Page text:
The firefighters and city governments who gamed the system -- and the taxpayers -- for massive extra pension payments have cost the state more than the extra million bucks or so they'll collect in retirement.
They've dumped gasoline on the fire that is blistering the foundation of public life in Washington -- scorching our sense of common cause. They've legitimized arguments that have undercut every recent effort at public investment in this state. As Washingtonians snip ever more holes in the social safety net and withdraw ever more good will from the bank of faith in government, we will have this kind of thing, in part, to thank for where we end up.
They stuck it to all of us, and not just financially. They stuck it to poor kids most -- just as certainly as lawmakers who are failing to close a single loophole to bring more pennies into the coffers are sticking it to poor kids. Because it is primarily poor kids -- lacking the campaign contributory influence of firefighters -- who suffer the long-term, generational effects of all-cuts budgets.
If you missed the news about pension-spiking firefighters, here's a summary: Mike Baker of the Associated Press recently reported the results of a two-year investigation into looming issues in state employees' retirement and medical costs. Baker's three-part series is vital public service journalism, and it identified many of the financial issues surrounding the aging population of state workers.
A lot of those costs have to do with keeping promises made to state workers -- lavish, unrealistic promises, perhaps, but promises nonetheless. However, Baker's report also detailed several distressing ways in which the system is being gamed for maximum lootage.
Chief among them is pension-spiking. Baker detailed the cases of three retired Lakewood fire department managers who received retirement-eve pay raises that drove up their lifetime pension payments by more than $1,000 a month.
Two of them received salary boosts of $20,000 four days before they retired. The third received a raise 13 weeks before retirement. These raises put their salaries into the $200,000 range. All retired in their mid-50s. One subsequently took a contract position as the fire chief in a small town, where he continues to draw a full annual retirement of $184,000.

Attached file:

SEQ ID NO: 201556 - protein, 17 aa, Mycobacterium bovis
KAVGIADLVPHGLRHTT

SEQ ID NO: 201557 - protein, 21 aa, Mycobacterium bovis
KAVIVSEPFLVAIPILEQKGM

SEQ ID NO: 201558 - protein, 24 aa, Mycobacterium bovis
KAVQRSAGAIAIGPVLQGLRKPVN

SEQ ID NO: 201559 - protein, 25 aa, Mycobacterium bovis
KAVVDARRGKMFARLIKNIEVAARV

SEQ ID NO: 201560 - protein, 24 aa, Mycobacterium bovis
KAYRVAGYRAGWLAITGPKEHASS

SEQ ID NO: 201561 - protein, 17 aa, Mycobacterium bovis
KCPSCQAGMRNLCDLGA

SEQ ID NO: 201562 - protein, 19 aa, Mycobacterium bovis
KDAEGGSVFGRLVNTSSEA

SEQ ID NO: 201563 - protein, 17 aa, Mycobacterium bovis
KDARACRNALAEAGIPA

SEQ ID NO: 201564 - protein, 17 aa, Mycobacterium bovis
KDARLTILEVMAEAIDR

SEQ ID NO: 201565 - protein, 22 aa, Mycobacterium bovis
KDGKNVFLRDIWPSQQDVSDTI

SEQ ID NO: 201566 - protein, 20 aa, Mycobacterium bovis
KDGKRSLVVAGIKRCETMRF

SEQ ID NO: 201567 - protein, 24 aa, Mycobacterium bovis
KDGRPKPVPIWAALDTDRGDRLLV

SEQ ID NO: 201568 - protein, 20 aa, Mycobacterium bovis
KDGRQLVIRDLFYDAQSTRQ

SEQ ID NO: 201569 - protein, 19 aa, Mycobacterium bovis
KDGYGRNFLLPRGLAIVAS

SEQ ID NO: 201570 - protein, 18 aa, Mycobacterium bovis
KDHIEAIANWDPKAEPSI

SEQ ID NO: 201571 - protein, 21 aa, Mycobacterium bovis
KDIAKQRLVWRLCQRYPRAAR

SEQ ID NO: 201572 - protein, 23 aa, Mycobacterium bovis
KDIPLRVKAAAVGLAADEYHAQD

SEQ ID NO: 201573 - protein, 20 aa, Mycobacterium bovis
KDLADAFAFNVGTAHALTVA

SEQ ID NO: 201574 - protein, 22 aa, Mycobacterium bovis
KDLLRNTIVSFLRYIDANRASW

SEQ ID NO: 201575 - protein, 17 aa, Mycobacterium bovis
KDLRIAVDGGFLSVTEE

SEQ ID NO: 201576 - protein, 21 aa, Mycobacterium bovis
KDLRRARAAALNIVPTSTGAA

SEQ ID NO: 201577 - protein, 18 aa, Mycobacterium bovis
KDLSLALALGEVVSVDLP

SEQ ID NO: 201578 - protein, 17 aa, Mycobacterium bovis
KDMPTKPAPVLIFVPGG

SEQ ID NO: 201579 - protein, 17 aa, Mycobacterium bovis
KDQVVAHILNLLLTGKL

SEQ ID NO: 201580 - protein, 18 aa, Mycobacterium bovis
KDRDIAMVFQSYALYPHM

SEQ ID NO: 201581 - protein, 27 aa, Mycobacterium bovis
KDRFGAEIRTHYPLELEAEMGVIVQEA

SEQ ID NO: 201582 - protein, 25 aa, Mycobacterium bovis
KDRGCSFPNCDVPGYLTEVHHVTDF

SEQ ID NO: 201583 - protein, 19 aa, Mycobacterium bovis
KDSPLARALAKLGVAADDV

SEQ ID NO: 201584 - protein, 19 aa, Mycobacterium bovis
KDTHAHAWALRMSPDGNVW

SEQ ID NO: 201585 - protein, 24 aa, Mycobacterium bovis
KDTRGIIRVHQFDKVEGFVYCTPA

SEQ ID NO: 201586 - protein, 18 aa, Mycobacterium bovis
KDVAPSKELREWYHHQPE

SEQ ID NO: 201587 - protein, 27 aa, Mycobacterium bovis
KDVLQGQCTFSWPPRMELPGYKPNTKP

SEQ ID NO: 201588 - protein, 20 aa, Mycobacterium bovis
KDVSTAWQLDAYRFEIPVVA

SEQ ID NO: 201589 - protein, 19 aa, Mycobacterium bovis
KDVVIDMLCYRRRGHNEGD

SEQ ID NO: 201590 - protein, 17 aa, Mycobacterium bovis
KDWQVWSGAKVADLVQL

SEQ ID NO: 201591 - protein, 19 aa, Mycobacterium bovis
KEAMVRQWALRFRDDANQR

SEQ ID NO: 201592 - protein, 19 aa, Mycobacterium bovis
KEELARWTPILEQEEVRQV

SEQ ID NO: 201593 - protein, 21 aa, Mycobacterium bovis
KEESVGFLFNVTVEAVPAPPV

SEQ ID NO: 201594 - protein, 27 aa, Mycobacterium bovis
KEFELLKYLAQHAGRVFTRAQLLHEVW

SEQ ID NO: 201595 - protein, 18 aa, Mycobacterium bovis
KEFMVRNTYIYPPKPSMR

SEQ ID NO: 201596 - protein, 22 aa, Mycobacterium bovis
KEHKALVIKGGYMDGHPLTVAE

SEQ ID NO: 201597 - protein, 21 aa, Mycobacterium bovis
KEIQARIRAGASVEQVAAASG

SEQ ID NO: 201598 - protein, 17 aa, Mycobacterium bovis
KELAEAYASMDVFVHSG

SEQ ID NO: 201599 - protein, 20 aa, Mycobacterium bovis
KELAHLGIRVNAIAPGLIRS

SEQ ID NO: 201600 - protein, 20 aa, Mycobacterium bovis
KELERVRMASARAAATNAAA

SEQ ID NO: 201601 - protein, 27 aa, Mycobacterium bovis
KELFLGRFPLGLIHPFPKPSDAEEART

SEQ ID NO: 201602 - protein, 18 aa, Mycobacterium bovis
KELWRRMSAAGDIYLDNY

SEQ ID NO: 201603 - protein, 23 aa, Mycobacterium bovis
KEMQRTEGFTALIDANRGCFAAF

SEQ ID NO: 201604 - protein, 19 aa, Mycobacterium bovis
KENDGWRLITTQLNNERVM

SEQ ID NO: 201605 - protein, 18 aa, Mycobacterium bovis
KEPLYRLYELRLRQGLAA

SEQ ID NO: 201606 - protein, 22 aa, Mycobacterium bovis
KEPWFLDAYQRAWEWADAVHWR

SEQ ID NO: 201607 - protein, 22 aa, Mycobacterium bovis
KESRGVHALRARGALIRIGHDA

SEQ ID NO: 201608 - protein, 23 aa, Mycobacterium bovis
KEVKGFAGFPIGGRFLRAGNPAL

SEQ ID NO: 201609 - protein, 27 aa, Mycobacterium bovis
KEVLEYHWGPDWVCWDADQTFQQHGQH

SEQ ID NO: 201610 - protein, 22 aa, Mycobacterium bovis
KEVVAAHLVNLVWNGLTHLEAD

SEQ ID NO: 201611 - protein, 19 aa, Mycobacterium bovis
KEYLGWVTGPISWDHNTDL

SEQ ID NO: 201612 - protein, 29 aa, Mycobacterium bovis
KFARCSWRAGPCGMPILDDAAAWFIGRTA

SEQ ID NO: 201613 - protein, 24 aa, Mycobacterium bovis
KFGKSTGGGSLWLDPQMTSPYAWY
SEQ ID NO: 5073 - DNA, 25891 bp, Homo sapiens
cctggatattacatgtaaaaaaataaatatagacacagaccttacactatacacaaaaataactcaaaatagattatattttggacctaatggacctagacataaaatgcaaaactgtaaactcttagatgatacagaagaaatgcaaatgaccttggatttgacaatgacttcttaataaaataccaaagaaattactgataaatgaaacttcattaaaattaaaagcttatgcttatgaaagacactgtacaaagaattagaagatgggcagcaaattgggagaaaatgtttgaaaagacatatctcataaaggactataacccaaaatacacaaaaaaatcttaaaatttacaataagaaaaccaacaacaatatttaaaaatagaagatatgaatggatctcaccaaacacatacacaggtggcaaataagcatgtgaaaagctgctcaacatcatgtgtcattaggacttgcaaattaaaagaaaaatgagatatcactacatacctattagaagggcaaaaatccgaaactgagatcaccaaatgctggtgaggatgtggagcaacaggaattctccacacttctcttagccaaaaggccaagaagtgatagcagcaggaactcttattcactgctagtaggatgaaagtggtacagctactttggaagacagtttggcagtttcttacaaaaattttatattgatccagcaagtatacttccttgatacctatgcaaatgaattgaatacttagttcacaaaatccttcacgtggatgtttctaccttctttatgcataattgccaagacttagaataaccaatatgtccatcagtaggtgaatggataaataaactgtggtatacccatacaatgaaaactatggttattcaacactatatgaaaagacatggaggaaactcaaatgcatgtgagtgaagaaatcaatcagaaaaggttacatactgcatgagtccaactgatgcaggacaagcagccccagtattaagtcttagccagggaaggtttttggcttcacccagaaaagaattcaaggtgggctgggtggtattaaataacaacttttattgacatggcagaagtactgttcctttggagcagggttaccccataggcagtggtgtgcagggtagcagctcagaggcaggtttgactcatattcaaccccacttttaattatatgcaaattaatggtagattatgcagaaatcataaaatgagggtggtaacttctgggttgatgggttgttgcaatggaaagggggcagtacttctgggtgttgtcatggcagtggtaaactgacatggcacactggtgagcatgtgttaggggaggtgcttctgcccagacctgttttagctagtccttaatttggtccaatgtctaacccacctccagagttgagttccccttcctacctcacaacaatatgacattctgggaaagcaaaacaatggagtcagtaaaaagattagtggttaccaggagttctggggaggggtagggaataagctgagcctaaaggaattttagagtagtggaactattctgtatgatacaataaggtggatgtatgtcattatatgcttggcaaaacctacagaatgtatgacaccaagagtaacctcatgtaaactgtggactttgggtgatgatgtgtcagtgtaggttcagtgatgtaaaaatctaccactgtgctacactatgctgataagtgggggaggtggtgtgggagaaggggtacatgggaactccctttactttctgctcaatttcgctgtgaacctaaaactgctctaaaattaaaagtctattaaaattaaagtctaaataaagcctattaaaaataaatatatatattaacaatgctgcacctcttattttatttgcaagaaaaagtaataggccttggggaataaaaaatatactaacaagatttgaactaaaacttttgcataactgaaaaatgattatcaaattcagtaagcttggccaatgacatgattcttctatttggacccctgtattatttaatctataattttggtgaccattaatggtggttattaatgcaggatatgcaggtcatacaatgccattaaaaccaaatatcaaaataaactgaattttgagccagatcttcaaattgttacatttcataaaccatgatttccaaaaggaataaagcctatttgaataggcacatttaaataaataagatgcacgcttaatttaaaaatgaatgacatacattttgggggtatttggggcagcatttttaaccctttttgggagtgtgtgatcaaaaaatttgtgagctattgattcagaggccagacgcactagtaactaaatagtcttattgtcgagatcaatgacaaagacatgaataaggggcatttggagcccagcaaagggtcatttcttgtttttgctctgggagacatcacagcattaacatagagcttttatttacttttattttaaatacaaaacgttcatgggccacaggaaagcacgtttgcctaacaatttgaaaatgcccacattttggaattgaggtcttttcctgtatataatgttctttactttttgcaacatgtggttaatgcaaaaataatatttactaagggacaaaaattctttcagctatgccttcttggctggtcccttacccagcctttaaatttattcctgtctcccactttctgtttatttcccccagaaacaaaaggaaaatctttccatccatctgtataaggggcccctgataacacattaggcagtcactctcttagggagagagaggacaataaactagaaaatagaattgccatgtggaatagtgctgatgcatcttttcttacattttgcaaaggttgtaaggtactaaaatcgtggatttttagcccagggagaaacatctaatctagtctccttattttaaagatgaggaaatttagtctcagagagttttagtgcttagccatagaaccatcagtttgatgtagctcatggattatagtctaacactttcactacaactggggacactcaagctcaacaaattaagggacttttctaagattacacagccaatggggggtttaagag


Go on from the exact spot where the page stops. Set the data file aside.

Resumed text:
All told, these shady raises are likely to cost the state $1 million, if not more, according to the AP's analysis.
That's made more outrageous by the evidence that last-minute raises meant to spike pension payments are simply standard procedure for firefighters around the state, in part because budget-cutting local governments used the raises to make retirement appealing and move expensive employees from city budgets into a state retirement plan.
No time for lifetime raises
So, as the state cuts budgets, lays off workers and eliminates programs, firefighters are getting big final-year raises from their cities, which drive up their state pensions for life. As lawmakers fail to add a single penny to shrinking state revenues while posturing about what they won't cut, late-career firefighters are getting lifetime raises on the way out the door, thanks to creative accounting in city halls.
Baker found that the average first responder retiring into the LOEFF-1 pension system -- the oldest, and most unrealistically lavish, system -- was being paid 5.5 percent more than the previous year. The firefighters' late-career raises were more than double the average for all retiring state workers.
This pension-spiking, as it is known, is not unheard-of, but Washington's firefighters appear to be taking it to new heights. And it comes at a time when public employee pensions are raising very real concerns for governments everywhere. It also comes at a time when the value of unions and collective bargaining is under attack -- and is withering in the private sector, where labor unions are arguably more crucial -- and this kind of nonsense simply fuels the corrosive anti-union fire.
The retirement boom is going to be costly. The state estimates that long-term care costs for cities and counties are going to rise by 250 percent in the next 20 years, and that the long-term unfunded liability of medical care for those retirees reaches $1.8 billion.
This pension-spiking is a separate question from whether we should pay firefighters and cops well. We should. These jobs are vital and these people are providing crucial services to our communities. We need them, and should reward them.
In return, perhaps they should not scam us.
Shawn Vestalis a columnist for The Spokesman-Review in Spokane. Email: firstname.lastname@example.org